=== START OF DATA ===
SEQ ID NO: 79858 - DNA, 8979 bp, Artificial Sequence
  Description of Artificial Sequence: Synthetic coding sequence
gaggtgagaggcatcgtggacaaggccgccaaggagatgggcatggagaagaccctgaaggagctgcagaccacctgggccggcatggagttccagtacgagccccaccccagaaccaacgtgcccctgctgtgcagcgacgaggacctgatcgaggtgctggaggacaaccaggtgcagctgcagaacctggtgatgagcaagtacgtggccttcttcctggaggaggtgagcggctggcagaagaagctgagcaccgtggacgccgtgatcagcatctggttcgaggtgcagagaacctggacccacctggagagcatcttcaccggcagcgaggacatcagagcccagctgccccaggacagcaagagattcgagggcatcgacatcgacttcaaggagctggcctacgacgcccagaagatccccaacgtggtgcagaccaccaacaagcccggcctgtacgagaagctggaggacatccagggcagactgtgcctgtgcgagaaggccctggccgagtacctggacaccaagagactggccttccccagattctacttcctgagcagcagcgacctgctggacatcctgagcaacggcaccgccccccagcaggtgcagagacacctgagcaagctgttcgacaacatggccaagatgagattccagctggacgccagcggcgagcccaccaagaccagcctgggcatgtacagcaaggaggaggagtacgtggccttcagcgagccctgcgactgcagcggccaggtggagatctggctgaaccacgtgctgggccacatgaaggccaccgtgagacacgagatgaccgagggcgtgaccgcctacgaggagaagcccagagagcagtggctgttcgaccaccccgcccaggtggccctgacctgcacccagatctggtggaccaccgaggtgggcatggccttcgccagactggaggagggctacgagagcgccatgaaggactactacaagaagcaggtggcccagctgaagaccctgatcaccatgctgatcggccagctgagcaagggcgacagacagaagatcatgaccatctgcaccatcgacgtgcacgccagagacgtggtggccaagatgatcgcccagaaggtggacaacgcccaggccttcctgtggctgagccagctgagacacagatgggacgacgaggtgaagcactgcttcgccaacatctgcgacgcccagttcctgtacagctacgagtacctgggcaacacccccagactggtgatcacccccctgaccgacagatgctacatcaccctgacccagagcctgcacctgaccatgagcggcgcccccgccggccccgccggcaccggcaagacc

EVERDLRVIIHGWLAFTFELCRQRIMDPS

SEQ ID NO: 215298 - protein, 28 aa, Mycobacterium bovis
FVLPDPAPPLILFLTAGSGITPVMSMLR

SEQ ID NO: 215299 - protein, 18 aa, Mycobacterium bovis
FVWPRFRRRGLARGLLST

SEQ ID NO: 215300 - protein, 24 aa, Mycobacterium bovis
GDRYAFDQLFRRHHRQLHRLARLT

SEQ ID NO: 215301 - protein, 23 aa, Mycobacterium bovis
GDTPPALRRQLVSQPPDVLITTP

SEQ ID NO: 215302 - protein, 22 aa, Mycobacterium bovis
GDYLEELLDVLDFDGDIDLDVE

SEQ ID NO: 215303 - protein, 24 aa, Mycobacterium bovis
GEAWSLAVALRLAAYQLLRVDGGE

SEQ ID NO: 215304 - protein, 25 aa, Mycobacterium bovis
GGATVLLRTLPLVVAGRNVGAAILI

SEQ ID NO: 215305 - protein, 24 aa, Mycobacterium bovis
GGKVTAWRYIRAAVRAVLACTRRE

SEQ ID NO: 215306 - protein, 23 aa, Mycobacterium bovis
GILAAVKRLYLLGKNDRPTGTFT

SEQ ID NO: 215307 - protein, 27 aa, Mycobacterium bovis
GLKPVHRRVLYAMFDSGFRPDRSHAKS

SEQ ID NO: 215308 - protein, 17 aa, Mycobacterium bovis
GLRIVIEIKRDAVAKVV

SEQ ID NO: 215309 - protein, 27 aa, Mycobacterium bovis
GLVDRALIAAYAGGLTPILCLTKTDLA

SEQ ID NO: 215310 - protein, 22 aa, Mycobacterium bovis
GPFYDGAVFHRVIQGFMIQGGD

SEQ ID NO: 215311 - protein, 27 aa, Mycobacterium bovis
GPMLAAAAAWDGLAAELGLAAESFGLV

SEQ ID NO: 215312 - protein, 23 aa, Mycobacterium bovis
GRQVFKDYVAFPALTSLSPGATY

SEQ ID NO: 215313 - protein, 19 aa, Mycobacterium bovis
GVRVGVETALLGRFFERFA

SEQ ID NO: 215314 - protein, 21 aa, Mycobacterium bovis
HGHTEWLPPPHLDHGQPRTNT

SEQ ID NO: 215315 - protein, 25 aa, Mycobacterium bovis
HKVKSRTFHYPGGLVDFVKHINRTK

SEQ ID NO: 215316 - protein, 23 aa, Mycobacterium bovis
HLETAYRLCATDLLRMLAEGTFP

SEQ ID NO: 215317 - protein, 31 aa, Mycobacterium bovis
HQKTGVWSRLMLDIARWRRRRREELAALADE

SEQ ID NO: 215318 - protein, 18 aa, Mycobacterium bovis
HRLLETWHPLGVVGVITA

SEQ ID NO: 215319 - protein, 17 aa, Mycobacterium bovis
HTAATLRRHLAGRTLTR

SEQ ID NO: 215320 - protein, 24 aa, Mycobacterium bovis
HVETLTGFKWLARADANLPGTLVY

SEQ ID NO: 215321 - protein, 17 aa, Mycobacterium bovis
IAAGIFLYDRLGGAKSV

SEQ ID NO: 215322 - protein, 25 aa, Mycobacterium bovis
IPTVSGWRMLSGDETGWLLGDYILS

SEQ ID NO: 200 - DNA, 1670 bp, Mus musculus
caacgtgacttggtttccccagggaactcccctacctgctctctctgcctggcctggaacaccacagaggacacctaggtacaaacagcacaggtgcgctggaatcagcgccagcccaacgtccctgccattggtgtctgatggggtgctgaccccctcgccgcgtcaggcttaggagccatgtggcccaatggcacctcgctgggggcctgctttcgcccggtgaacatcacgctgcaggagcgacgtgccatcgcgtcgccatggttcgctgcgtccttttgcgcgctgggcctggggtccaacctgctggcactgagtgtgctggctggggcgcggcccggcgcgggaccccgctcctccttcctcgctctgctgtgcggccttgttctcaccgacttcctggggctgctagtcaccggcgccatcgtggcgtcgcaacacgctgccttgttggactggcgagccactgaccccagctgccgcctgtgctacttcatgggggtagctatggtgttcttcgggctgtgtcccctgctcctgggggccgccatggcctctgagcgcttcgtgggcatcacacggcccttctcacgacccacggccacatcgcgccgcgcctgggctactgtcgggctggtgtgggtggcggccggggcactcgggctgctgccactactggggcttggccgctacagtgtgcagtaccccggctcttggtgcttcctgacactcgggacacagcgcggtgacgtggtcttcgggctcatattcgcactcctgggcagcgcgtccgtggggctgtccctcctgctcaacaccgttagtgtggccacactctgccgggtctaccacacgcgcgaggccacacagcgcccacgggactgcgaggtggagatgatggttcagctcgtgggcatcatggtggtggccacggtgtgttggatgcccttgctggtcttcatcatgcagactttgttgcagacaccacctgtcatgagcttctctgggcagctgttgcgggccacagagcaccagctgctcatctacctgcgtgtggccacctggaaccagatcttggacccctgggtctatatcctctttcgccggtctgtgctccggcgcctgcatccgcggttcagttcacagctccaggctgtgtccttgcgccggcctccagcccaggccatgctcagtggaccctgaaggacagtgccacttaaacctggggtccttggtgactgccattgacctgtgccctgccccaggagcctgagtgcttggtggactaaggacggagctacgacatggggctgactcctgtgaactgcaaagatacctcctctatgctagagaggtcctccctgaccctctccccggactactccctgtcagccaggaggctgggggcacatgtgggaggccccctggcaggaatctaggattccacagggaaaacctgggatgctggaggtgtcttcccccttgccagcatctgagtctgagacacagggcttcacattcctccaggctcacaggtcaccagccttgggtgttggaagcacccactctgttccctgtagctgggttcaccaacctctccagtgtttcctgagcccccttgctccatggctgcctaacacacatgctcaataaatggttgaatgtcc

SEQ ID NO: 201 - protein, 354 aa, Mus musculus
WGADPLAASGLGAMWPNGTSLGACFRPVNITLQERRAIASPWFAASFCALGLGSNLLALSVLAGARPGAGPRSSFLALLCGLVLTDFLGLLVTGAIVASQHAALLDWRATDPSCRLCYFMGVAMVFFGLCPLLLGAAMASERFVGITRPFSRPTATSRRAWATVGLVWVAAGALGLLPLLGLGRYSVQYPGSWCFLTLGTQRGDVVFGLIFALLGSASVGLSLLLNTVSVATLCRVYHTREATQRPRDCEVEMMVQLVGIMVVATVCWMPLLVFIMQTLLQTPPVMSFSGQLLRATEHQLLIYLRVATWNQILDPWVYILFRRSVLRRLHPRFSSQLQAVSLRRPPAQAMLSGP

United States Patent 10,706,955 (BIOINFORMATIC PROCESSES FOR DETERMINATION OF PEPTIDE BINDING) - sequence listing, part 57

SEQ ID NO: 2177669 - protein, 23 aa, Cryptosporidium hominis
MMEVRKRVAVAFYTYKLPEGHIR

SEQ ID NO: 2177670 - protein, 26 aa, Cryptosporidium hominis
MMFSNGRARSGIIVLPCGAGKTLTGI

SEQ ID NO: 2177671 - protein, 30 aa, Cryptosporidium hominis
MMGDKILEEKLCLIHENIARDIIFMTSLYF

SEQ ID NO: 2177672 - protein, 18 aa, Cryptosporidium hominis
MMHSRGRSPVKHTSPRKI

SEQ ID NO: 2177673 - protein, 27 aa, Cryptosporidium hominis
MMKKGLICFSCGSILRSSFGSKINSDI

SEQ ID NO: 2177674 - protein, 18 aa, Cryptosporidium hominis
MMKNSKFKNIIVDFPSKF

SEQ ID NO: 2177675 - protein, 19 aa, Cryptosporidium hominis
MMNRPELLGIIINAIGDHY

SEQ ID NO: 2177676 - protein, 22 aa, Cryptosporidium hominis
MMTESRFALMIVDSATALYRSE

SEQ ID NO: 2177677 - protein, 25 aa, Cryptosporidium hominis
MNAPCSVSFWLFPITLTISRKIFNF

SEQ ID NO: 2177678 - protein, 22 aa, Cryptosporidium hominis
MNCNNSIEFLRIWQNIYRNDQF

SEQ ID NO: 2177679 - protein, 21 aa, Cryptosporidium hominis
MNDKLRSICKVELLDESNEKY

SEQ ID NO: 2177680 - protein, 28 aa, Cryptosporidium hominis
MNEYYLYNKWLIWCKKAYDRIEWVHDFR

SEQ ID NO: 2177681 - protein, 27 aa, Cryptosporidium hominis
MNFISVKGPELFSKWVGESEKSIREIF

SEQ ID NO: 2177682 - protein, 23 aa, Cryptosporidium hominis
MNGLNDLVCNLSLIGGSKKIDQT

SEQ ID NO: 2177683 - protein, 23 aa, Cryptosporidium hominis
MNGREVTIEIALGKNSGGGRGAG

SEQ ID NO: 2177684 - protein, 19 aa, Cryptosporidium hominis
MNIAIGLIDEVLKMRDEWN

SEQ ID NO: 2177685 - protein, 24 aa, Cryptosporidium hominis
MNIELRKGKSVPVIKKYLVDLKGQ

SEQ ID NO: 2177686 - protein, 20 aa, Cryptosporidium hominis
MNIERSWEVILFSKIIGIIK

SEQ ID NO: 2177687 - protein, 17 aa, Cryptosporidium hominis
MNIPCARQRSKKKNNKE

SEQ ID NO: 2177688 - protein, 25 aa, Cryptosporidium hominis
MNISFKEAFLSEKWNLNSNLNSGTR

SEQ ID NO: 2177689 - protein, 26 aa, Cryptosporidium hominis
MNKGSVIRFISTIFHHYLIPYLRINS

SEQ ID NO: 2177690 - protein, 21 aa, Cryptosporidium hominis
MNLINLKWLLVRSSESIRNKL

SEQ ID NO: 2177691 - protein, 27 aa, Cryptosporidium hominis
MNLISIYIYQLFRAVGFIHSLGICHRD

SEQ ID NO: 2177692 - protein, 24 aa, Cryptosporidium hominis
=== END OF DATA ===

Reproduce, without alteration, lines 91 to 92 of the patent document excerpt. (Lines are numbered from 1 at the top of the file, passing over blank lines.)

MNIAIGLIDEVLKMRDEWN

SEQ ID NO: 2177685 - protein, 24 aa, Cryptosporidium hominis